First of all foreigners should learn by heart short words with correct accentes.Especially pronouns.If you tell somebody Мо́я insted of Moя́(my,mine) nobody would get it.And such words as (for example) электрооборудование or предупреждение or smth else like these ones it´s easy to understand without any accents.Just advice.
     

    lluvioso1

    Senior Member
    Türkçe
    Thank you for your responses. But I have also one little question:
    Русский = Russian

    but also;

    Ру́сский= Russian

    Well, why don't we use an accent over the "y" in the former?Is it because that the former was written by majuscule letters?So, can I interpret it as: "Majuscule letters never get " ' " accent?? "

    Again, from the same site: https://ru.wikipedia.org/wiki/Русский_язык( I know that I bored you ,but do me a favor :) )
     
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    bibax

    Senior Member
    Czech (Prague)
    In Ру́сский язы́к on the provided site, the acute accents are written because it is an entry in an encyclopaedia (Wikipedia in this case). The entries in (nearly) all Russian dictionaries and encyclopaediae are printed with the marked stress.

    I have Enciklopedičeskij slovaŕ (Mockva 1953, B. A. Vvedenskij). All entries are in upper-case letters (majuscules) and with the marked stress.
     

    lluvioso1

    Senior Member
    Türkçe
    In Ру́сский язы́к on the provided site, the acute accents are written because it is an entry in an encyclopaedia (Wikipedia in this case). The entries in (nearly) all Russian dictionaries and encyclopaediae are printed with the marked stress.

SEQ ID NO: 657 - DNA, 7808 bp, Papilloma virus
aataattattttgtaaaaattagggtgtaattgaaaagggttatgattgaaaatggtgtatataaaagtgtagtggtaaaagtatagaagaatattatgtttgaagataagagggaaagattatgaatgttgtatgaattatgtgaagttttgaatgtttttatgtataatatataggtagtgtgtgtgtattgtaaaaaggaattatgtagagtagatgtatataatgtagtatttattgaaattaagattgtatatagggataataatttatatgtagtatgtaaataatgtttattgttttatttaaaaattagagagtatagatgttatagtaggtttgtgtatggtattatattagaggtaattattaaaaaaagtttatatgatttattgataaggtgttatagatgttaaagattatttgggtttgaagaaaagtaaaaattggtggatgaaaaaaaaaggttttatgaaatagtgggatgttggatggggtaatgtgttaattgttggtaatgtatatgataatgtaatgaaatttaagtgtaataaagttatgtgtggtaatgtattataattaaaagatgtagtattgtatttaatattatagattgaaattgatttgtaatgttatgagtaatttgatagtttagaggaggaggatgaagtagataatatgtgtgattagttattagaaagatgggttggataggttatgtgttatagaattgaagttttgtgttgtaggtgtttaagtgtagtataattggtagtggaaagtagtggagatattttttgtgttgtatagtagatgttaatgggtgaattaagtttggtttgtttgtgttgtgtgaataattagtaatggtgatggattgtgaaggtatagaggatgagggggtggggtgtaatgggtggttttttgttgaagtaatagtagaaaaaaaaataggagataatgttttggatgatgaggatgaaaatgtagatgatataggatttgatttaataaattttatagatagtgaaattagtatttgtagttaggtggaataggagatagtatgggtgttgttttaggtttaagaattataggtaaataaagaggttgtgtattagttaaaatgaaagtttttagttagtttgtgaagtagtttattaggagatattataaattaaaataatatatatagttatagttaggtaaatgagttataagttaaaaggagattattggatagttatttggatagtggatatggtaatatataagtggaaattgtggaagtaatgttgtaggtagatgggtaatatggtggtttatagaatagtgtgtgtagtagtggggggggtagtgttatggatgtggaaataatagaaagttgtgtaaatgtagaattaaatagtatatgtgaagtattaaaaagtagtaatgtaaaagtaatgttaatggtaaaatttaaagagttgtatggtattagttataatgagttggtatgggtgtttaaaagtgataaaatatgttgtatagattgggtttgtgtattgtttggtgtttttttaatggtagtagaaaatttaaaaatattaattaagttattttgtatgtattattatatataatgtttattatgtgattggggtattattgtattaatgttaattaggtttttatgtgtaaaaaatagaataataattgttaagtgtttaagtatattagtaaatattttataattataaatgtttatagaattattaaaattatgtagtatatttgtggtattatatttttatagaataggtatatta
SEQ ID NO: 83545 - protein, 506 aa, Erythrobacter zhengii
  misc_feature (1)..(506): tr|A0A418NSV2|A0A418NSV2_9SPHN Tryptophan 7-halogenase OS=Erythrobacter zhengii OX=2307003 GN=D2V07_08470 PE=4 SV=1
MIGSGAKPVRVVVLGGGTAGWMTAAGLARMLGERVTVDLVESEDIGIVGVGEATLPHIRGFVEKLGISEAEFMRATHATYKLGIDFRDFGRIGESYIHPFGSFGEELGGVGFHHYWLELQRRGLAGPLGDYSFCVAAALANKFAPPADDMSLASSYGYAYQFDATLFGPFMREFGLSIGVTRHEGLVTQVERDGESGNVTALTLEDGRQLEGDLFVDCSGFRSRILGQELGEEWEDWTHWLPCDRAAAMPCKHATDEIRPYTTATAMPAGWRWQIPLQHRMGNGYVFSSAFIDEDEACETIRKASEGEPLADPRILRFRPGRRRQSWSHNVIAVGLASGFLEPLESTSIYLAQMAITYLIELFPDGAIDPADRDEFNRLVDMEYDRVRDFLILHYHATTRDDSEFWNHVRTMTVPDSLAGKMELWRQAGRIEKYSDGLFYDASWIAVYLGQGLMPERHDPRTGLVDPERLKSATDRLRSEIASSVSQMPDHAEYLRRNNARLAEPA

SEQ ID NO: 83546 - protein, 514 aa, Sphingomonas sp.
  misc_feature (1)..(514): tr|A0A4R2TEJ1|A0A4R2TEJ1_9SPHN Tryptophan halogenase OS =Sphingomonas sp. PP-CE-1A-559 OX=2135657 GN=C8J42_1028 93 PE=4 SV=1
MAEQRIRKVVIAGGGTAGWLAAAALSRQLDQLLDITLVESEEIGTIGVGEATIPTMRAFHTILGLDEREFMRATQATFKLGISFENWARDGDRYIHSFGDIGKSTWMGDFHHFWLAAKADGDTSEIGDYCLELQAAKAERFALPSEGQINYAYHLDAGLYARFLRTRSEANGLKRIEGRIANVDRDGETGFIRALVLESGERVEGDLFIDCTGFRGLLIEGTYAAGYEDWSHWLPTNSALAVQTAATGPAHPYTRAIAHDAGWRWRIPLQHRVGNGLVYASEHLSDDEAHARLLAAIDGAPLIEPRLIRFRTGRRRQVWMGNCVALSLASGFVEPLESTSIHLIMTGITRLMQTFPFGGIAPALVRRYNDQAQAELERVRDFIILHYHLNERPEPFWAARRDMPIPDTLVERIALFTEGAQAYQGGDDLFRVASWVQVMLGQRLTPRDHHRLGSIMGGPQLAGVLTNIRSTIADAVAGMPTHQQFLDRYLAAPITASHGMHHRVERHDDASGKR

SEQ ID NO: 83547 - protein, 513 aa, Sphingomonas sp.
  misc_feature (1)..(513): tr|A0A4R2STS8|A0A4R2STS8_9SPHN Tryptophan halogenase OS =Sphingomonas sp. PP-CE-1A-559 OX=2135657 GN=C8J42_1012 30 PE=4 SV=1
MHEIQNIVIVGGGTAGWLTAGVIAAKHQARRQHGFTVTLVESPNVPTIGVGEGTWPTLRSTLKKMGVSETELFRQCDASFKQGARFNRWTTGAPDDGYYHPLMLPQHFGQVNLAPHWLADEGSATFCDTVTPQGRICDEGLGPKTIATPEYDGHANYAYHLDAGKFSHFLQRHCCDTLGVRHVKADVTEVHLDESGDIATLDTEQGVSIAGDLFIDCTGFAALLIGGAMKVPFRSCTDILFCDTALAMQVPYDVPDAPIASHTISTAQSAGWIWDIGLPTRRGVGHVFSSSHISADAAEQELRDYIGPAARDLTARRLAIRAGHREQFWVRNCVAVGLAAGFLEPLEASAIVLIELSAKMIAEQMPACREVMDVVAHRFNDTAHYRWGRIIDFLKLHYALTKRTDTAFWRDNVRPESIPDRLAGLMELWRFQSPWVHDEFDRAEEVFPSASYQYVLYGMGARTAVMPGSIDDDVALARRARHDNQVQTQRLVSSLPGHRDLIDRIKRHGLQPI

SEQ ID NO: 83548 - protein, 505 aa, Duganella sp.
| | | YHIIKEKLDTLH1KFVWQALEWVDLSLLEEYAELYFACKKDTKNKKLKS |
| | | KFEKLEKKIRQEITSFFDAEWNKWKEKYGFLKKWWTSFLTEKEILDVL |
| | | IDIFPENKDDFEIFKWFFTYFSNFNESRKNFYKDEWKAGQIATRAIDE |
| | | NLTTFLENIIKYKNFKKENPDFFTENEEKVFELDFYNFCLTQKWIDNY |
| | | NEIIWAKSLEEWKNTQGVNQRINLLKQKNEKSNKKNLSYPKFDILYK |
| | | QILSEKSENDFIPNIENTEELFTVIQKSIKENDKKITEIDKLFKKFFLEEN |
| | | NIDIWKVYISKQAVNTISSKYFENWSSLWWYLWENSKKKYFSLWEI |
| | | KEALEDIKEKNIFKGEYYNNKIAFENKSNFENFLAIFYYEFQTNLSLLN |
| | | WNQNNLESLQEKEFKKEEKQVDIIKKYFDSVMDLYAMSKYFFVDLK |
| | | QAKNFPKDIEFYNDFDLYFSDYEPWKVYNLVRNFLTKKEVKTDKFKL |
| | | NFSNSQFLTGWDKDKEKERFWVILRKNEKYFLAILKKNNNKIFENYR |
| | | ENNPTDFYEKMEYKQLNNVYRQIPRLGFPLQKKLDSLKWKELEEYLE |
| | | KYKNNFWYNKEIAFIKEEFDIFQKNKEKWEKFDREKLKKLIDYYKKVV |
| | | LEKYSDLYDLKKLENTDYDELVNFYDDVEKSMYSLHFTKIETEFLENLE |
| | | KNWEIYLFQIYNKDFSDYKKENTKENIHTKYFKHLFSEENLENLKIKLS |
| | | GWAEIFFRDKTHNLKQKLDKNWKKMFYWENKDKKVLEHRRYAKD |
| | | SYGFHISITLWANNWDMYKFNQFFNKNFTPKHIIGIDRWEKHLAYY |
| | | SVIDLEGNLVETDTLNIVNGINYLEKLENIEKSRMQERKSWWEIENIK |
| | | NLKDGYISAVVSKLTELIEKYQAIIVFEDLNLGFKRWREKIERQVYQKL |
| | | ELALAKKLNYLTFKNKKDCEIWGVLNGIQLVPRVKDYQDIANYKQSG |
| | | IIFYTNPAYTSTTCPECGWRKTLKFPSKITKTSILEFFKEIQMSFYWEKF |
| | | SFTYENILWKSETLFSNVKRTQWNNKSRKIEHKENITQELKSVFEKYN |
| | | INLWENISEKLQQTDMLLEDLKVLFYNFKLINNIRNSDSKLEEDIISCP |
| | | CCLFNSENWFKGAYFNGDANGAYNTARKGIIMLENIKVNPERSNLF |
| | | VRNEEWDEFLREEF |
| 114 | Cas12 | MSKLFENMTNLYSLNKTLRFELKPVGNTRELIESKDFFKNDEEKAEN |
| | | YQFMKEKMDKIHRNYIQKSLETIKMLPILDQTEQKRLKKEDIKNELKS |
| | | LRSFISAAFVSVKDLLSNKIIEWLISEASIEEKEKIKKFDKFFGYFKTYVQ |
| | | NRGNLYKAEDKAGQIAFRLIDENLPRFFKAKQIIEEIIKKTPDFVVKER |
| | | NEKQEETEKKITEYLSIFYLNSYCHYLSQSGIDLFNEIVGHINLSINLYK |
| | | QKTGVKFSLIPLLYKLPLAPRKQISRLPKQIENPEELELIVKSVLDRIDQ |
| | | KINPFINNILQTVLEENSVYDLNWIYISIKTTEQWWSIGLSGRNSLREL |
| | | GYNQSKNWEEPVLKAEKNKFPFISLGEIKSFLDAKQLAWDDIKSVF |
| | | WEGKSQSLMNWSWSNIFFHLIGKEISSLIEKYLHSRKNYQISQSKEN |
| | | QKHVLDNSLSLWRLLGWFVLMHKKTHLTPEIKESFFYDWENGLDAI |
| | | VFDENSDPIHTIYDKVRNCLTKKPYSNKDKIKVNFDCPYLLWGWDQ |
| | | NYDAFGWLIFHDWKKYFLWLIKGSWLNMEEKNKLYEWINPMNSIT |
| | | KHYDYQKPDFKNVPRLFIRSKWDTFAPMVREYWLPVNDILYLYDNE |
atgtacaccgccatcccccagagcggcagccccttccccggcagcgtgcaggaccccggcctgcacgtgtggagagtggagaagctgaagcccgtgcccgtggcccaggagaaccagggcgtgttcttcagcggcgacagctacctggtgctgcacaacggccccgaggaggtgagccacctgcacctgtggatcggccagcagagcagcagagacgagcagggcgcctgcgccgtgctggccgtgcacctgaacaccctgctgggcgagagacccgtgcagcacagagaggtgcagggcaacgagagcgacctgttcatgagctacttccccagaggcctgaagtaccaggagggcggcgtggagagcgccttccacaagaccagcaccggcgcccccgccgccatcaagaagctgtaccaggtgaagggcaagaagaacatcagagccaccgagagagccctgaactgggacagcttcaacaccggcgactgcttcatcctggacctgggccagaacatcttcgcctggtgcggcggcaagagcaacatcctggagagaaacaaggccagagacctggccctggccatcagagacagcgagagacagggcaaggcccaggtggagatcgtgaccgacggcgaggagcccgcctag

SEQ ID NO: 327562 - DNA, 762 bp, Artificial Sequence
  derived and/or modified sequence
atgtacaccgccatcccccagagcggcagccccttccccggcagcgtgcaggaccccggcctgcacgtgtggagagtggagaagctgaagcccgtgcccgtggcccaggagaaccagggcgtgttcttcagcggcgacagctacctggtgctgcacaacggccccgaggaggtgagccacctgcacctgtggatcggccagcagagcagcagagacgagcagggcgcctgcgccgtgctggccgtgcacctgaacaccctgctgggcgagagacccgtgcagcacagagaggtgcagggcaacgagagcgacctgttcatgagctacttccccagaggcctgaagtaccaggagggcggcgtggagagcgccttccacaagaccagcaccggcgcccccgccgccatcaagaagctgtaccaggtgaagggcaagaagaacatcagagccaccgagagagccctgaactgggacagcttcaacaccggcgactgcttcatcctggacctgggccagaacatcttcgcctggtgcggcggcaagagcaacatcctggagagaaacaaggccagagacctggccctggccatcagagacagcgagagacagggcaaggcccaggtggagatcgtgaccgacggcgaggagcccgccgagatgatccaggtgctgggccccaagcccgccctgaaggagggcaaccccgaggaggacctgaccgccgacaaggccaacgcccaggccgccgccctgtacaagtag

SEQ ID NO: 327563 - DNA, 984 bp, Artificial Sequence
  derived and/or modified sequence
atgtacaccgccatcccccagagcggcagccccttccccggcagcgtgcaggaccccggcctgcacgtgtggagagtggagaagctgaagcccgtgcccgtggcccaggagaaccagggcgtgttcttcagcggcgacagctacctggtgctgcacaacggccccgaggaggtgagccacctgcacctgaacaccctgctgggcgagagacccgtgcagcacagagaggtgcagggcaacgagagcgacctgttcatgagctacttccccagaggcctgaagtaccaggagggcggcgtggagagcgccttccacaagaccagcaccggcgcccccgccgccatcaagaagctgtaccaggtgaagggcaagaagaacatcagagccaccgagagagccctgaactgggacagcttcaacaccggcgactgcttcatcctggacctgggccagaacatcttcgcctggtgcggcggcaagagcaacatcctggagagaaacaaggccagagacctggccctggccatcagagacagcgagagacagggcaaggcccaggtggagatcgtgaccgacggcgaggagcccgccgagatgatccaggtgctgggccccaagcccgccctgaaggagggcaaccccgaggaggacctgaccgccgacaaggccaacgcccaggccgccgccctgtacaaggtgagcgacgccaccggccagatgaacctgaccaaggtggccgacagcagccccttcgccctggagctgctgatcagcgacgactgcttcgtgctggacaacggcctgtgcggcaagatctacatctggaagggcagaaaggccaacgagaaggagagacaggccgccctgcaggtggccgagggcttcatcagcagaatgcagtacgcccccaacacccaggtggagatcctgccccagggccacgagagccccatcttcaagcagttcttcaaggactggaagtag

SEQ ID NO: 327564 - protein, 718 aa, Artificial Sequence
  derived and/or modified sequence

I have Enciklopedičeskij slovaŕ (Mockva 1953, B. A. Vvedenskij). All entries are in upper-case letters (majuscules) and with the marked stress.
    This explanation makes things much more clear now. bibax, you're great. So it is possible for a beginner to write ПÁПA instead па́па,if some wanna write with upper-case letters in Russian. :tick:

    awesome;)
     
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    Drink

    Senior Member
    English - New England, Russian - Moscow
    This explanation makes things much more clear now. bibax, you're great. So it is possible for a beginner to write ПÁПA instead па́па,if some wanna write with upper-case letters in Russian. :tick:

    awesome;)
    In general, you should not write the accent at all ever, unless you are specifically trying to indicate where the stress is.
     

    Miralasa

    Senior Member
    Russian
    Textbooks are usually composed with custom fonts, where letter with (manually placed) accents are separate characters.
    Stressed texts in Wikipedia and elsewhere in the Net relay on OS capability to place combining accent marks. As most fonts of those included with Windows do not contain the necessary information for correct accent attachment they are looking strange indeed.